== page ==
Capitalism is not working!
cover of Socialist View
In country after country across the world, the story is the same. Mass unemployment has returned. Millions of workers have lost their jobs as the capitalist class dumps the burden of the economic crisis onto the shoulders of the working class.
In the US, the official unemployment rate is 7.2%. If the rate were calculated by previous methods, it would be double this figure. In most of Europe official unemployment is already averaging at 7.7%.
In Britain, the numbers applying for the job seekers allowance jumped in January by 74,000 and official unemployment stands at 6.3%, just under two million people. Unemployment in Britain is increasing twice as fast as the average across Europe.
The official rate of unemployment in Northern Ireland is slightly below the British average but that is not a real reflection of the seriousness of the jobs crisis. Unemployment in the North of Ireland is increasing very rapidly. It rose by 6.1% in January and there has been a 62% increase in the numbers on the dole in the course of the last year. What is startling is that 80% of that yearly increase took place in the last six months, a faster growth in unemployment than anywhere else in the UK. Over 40% of jobs lost in recent months have been in construction but it is spreading, with the likes of retail and call centres being particularly vulnerable. Given the historic weakness of the private sector in Northern Ireland, the public sector has always been key in providing employment. Highly publicised attempts at getting US multinationals to invest in "post conflict" Northern Ireland has failed miserably to provide any jobs.
Now public sector jobs are also under threat with thousands of job losses planned in the NHS and the Housing Executive [government housing]. The depth of the crisis in Britain means it is likely that the Westminster government will cut its annual subvention to the Assembly [N Ireland’s power-sharing local government] and that will further undermine public sector employment and the North’s economy.
With roughly one fourteenth of the population, nearly half as many jobs were lost in January in the South of Ireland, 33,650, as were lost in the whole of Britain. In February 2007, official unemployment was 3.7%. A year ago it had increased to 5%. Now official unemployment is 9.2%.
The collapse of employment in construction is continuing apace, with the Construction Industry Federation claiming that 100,000 jobs have been lost so far and predicting a further 55,000 job losses. With the realisation by the retail sector that the global recession was not just a temporary crisis, jobs in this area are being shed at an alarming rate. This will be a feature in all of the advanced capitalist countries as the credit driven consumer spending frenzy of the last ten years has come to a shuddering halt. Financial services, tourism and manufacturing are all being badly hit.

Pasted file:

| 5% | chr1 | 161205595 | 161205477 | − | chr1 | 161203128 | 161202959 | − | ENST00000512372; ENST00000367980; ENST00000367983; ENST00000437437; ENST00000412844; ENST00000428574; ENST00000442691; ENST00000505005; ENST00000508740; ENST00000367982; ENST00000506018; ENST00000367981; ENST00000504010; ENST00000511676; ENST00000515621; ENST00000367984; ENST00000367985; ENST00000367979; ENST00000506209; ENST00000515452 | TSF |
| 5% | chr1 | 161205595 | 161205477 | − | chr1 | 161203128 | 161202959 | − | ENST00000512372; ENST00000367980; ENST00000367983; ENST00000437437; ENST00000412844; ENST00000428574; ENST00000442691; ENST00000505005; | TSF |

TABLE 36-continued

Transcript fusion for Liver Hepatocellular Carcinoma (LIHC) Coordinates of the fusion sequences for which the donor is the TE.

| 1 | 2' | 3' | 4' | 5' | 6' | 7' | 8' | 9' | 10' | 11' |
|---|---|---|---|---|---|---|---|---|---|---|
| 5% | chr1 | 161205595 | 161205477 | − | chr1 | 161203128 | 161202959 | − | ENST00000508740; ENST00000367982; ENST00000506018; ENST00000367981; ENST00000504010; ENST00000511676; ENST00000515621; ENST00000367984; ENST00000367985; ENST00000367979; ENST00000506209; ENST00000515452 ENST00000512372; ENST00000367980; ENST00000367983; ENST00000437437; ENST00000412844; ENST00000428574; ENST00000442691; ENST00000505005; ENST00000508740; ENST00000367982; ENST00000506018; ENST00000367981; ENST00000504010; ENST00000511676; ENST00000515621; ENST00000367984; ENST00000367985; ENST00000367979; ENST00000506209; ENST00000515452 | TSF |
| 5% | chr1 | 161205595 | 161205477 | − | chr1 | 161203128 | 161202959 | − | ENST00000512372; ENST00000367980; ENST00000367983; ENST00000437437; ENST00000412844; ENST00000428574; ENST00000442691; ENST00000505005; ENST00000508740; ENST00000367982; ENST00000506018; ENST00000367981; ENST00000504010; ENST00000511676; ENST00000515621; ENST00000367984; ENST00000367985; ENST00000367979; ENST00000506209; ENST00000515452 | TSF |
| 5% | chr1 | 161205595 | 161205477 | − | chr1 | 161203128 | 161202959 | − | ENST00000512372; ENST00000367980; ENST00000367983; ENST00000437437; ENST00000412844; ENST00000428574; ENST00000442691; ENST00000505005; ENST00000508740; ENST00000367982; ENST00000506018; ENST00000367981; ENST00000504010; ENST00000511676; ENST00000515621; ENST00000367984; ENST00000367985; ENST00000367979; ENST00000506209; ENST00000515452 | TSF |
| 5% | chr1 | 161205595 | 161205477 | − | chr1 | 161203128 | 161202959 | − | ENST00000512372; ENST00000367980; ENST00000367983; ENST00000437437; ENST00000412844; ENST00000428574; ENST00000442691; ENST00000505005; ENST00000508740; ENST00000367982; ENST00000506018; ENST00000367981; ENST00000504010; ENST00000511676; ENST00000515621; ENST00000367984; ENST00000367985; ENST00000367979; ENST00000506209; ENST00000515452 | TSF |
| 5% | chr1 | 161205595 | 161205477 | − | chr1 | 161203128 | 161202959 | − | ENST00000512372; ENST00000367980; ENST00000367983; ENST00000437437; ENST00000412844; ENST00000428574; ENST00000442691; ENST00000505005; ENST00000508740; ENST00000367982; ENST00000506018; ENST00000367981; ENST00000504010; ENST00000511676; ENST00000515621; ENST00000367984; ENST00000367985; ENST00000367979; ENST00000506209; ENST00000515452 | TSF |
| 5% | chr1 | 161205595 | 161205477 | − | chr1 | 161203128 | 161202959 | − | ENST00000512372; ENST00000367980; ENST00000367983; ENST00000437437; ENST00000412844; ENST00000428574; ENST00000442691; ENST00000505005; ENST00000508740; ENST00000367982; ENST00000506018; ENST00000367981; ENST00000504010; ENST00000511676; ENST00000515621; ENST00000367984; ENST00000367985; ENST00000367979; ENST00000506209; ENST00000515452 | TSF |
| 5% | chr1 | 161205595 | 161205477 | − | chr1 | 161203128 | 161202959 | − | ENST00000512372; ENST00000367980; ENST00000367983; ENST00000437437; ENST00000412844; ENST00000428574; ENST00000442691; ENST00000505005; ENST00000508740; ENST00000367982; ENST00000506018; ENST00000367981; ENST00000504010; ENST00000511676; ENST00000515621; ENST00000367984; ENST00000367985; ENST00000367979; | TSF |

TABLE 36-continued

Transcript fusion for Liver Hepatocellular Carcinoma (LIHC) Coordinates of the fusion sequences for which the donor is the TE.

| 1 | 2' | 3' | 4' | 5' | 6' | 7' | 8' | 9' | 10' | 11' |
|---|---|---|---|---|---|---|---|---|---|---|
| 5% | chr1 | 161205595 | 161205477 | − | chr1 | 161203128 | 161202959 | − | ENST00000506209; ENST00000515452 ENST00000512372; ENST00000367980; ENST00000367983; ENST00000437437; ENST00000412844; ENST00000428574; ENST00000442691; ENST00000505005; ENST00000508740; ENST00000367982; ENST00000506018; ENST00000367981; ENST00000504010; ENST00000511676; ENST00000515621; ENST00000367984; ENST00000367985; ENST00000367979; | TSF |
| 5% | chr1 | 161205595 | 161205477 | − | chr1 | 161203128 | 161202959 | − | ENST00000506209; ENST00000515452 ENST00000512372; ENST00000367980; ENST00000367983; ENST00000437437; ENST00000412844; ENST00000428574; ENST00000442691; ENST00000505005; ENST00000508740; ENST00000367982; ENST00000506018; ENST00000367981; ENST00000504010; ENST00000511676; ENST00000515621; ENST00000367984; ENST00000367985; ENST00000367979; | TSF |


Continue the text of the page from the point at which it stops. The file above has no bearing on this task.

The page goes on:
The real level of job losses in the South has been masked because up to 60,000 migrant workers unable to get work have left the country. Goodbody Stockbrokers estimate that another 150,000 will join the live register this year, with another 80,000 in 2010. That would put unemployment way beyond 500,000, an incredible 25% of the workforce. That would actually be higher than the highest level unemployment reached in the United States during the Great Depression – 24.9% in 1933!
It now seems probable that unemployment in Britain and Ireland will exceed even the "mass unemployment" levels of the 1980s and possibly match the levels of earlier decades, such as the 1930s, times which people thought would never return.
The historic weakness of the private sector in Ireland, North and South was not overcome during the boom. An over reliance on construction and property bubbles in both areas has resulted in a rapid rise in unemployment now that the recession has hit hard. Unemployment will be the most important issuing facing the working class for years to come.
Unemployment inevitable under capitalism
The emergence of mass unemployment is a body blow to the ideas of capitalist economists such as Milton Friedman, the inspiration behind neo-liberalism. Friedman argued that the capitalist market, left to its own devices, would develop the economy in a balanced way and naturally tend towards the achievement of full employment. The world recession has shattered Friedmanite ideas and left the capitalists and their governments scrambling for solutions.
The economic crisis will also expose that Keynesianism does not represent a way forward either. Keynes argued that by using the state to ‘pump prime’ the economy, the boom-bust cycle of capitalism could be overcome. This has also been shown to be wrong.
Keynesian policies played a certain role in the development of the post war boom, but they were not the key factor. Crucial to that extensive boom was the war itself and the devastation it brought and the need to "rebuild" Europe and parts of Asia. By the 1970s, under Keynesian policies, the world hit a major crisis, which resulted in the development of mass unemployment. In a sense, the failures of Keynesianism helped give rise to monetarism and neo liberalism.